The 3-Step Formula for Pre-Season Results
Olympian and Great Glen Trails Ski School Director, Sue Wemyss, gives us a winning formula for pre-season Nordic ski training!
It’s coming, can you feel it? Winter, snow, the holiday season and yes, ski season! It’s never fun to be lagging the first day back on the trails. So, how do you prep right this year? Nordic skiing Olympian Sue Wemyss has the tried-and-true three-part recipe for attested results.
Get Your Whole Body Moving
Skiing is a whole body sport. You need to get your heart and respiratory rates up ASAP! Your lungs need to be able to feed more oxygen to your arms and legs at the same time to meet the demands of all the muscles, not just your running legs, or your paddling arms.
Try this: Nordic Walking- walking with ski poles!
Get poles that reach your underarms, put on your walking shoes and go! Reach forward so your elbow is forward of your torso, and plant the pole at an acute angle to the ground. As you push down through the pole, your stride will lengthen, thus activating more muscles in your legs. Make sure you are actively trying to engage your arms with each pole plant and try walking with large, powerful strides. Work to extend the amount of your Nordic walking time as ski season approaches.
Develop Your Core
Without a strong midsection (like your back, sides, and abs) it is nearly impossible to transmit power from your arms to your legs. To hold your Nordic skiing technique together you need internal support.
Give these exercises a try.
Planks and side planks
Russian Twists: Sitting on the floor with the soles of your feet on the ground and knees bent, clasp your hands together or hold a medicine ball for more challenge. Lift your feet slightly off the ground, and then touch your hands (or the ball) to one side, then the other, while you maintain steady breathing.
Supermans: Lie prone (face down), arms and legs stretched out like Superman flying. Lift arms and legs simultaneously off the ground, hold for a couple of seconds, then drop them back to the floor. Repeat three times.
Bridges: Lying supine (face up), arms at your side. Bring your feet up near your bum by bending your knees, while keeping the soles of the feet on the ground. Then lift your bum, creating a straight line with your body from knees to shoulders. Hold this position for up to 1 minute. Further challenge yourself by lifting a single leg while your hips are off the ground.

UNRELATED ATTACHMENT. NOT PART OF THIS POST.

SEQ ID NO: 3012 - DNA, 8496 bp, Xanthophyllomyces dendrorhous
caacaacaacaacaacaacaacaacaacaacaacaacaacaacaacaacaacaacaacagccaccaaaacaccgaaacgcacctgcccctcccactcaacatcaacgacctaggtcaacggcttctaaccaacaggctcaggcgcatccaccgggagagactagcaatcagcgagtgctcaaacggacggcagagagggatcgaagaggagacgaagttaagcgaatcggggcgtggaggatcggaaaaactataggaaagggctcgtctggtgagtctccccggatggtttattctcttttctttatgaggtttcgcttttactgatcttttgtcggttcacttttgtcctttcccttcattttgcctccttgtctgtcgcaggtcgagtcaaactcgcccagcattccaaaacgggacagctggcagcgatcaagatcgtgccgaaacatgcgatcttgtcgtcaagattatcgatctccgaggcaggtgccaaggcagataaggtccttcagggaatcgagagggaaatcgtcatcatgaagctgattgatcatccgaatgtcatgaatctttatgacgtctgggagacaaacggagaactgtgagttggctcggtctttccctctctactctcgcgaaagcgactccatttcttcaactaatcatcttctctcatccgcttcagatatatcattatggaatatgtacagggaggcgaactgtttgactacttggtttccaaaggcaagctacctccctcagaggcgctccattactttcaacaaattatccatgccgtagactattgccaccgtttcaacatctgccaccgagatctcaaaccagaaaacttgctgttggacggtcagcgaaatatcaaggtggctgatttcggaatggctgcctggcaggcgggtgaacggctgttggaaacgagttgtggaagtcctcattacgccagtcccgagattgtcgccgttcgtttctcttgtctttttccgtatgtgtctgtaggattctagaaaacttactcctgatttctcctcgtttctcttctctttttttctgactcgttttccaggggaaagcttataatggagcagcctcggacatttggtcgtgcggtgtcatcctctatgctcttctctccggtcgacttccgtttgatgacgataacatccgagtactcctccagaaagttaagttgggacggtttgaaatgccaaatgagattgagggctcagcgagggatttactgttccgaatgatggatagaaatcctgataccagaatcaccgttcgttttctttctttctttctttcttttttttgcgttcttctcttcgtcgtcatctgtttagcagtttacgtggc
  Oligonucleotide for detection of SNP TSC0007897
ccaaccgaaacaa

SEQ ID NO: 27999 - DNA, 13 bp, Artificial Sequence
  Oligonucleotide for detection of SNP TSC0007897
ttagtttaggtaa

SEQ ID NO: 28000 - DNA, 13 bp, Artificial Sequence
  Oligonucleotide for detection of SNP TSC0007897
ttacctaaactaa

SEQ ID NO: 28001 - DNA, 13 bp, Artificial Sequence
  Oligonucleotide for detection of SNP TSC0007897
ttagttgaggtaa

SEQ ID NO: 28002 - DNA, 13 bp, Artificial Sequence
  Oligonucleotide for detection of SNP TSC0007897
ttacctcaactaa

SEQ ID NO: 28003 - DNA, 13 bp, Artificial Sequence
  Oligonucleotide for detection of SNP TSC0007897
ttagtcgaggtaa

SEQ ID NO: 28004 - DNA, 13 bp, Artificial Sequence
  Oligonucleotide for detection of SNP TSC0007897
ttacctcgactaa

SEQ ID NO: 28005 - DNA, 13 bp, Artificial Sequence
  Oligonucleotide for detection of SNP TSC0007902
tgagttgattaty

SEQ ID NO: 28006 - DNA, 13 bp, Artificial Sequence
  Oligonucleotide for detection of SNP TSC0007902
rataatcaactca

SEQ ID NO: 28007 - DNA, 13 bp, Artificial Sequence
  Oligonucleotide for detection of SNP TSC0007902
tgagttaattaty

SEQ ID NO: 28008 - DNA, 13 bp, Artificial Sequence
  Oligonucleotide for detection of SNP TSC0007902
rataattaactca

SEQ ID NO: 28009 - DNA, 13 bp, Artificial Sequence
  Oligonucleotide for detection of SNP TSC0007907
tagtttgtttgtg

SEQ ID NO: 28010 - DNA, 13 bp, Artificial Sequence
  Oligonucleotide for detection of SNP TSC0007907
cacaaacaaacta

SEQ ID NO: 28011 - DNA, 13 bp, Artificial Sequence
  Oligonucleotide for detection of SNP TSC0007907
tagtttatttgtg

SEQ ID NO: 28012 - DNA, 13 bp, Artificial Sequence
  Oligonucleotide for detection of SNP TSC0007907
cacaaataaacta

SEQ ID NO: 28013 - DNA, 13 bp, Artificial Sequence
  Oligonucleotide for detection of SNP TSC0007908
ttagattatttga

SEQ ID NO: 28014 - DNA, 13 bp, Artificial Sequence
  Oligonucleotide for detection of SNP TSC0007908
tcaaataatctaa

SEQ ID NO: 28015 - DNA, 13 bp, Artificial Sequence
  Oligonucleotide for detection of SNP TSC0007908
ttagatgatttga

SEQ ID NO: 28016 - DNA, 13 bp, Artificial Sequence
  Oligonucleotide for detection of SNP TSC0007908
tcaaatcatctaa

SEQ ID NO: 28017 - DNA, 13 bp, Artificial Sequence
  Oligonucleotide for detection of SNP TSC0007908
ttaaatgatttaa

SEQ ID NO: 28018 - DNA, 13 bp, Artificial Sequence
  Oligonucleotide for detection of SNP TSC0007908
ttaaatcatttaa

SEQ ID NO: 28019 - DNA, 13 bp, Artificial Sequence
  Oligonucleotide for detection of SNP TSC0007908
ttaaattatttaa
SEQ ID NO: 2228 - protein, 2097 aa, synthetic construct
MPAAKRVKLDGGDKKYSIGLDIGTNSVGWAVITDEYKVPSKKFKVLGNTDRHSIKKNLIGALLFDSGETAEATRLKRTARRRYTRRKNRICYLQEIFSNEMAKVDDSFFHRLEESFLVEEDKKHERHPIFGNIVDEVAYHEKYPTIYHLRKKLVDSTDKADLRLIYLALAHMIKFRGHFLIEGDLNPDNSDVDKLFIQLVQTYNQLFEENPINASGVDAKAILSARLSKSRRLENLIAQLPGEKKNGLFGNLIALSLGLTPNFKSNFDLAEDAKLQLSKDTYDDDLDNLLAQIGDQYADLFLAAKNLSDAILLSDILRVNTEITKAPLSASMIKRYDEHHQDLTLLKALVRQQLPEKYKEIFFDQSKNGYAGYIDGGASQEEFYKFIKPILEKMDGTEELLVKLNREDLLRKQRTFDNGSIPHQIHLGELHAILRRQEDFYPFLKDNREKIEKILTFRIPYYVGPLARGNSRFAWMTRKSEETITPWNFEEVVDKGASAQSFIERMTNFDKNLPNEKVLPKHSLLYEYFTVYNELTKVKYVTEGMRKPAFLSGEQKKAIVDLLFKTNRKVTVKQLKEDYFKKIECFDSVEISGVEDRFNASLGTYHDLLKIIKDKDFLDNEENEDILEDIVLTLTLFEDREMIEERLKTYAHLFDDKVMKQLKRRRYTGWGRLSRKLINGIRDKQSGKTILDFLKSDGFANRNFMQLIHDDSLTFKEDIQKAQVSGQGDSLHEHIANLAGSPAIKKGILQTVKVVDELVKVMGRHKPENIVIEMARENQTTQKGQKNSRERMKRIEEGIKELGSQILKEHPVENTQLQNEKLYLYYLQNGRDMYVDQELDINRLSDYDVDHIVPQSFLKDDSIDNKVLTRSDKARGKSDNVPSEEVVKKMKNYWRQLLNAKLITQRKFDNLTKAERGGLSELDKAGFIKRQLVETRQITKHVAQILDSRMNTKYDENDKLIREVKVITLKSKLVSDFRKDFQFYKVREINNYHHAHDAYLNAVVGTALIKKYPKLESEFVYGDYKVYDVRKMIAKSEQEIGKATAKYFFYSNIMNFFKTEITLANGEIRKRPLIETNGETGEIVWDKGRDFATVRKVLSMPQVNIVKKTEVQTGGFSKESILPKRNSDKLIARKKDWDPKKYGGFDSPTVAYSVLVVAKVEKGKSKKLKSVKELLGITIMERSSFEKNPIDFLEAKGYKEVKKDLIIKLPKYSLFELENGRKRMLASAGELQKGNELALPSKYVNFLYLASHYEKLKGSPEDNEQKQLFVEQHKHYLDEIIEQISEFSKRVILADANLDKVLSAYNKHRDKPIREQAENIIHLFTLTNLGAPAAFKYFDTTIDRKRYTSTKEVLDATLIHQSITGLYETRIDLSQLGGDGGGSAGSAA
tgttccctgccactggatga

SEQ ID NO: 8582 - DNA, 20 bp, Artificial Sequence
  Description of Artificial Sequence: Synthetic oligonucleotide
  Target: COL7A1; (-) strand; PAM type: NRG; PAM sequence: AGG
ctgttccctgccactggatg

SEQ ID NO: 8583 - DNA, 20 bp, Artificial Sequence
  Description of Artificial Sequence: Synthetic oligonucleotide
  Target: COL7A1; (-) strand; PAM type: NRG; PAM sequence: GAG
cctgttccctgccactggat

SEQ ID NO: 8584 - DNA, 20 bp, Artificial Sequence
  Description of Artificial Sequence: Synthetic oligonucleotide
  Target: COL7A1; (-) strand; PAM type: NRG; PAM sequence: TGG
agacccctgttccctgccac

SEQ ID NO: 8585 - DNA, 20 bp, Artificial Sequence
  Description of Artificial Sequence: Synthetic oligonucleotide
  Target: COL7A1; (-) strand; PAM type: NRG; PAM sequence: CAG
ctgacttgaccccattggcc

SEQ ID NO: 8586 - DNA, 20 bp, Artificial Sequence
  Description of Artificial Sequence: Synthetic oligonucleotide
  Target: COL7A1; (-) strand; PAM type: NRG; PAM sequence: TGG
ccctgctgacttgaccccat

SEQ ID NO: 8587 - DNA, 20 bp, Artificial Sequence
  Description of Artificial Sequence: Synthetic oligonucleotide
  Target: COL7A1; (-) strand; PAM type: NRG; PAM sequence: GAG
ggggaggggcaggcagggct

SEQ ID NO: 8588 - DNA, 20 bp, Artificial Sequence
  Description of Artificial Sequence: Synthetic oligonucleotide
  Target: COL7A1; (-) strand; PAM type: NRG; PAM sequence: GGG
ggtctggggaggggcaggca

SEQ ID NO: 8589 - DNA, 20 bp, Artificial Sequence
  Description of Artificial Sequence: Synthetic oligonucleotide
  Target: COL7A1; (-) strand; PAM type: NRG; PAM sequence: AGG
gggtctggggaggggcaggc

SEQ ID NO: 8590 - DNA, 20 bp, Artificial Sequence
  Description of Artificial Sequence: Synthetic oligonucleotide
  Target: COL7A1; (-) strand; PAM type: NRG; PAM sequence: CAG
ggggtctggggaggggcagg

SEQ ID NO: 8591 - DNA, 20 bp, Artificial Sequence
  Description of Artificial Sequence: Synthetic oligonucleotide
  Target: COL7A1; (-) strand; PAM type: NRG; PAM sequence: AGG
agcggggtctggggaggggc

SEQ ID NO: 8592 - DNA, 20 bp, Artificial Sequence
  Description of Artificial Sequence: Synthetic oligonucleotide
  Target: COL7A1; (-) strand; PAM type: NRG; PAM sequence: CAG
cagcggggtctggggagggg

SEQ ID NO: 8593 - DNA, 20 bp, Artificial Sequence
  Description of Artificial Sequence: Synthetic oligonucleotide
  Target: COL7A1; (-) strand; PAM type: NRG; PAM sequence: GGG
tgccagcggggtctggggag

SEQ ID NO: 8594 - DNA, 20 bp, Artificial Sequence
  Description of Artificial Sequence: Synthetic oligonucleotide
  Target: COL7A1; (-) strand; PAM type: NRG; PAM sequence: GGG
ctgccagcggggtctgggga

Work On Your Balance
Sometimes it’s all about the small stuff. Both Nordic and downhill skiing require a lot of balance and coordination. You can pump all the iron you want but you still might biff while trying to get your foot in your binding. Gliding in cross-country requires balancing on one ski. So tie it all together with some balance exercises.
Try this: Balance on one leg.
Easy to do while you watch TV or while waiting for a table at your favorite restaurant. Get your body back into being comfortable on one leg. Once you are good at balancing on both of your legs individually, try moving your arms and lifted leg while balancing or closing your eyes for a further challenge!
NAILED IT! Now that you’ve nailed Nordic pre-season, sign up for one of Great Glen Trails’ on-snow, early-season Nordic Warm-Up clinics and let us help you get your groove back!
You can also book private on-snow nordic technique sessions with Sue Wemyss by calling (603) 466-2333 or by emailing firstname.lastname@example.org.
Don’t forget the importance of warming-up and cooling down when you work out. Sue suggests that you warm-up and cool down for 10 minutes before you engage in any rigorous training.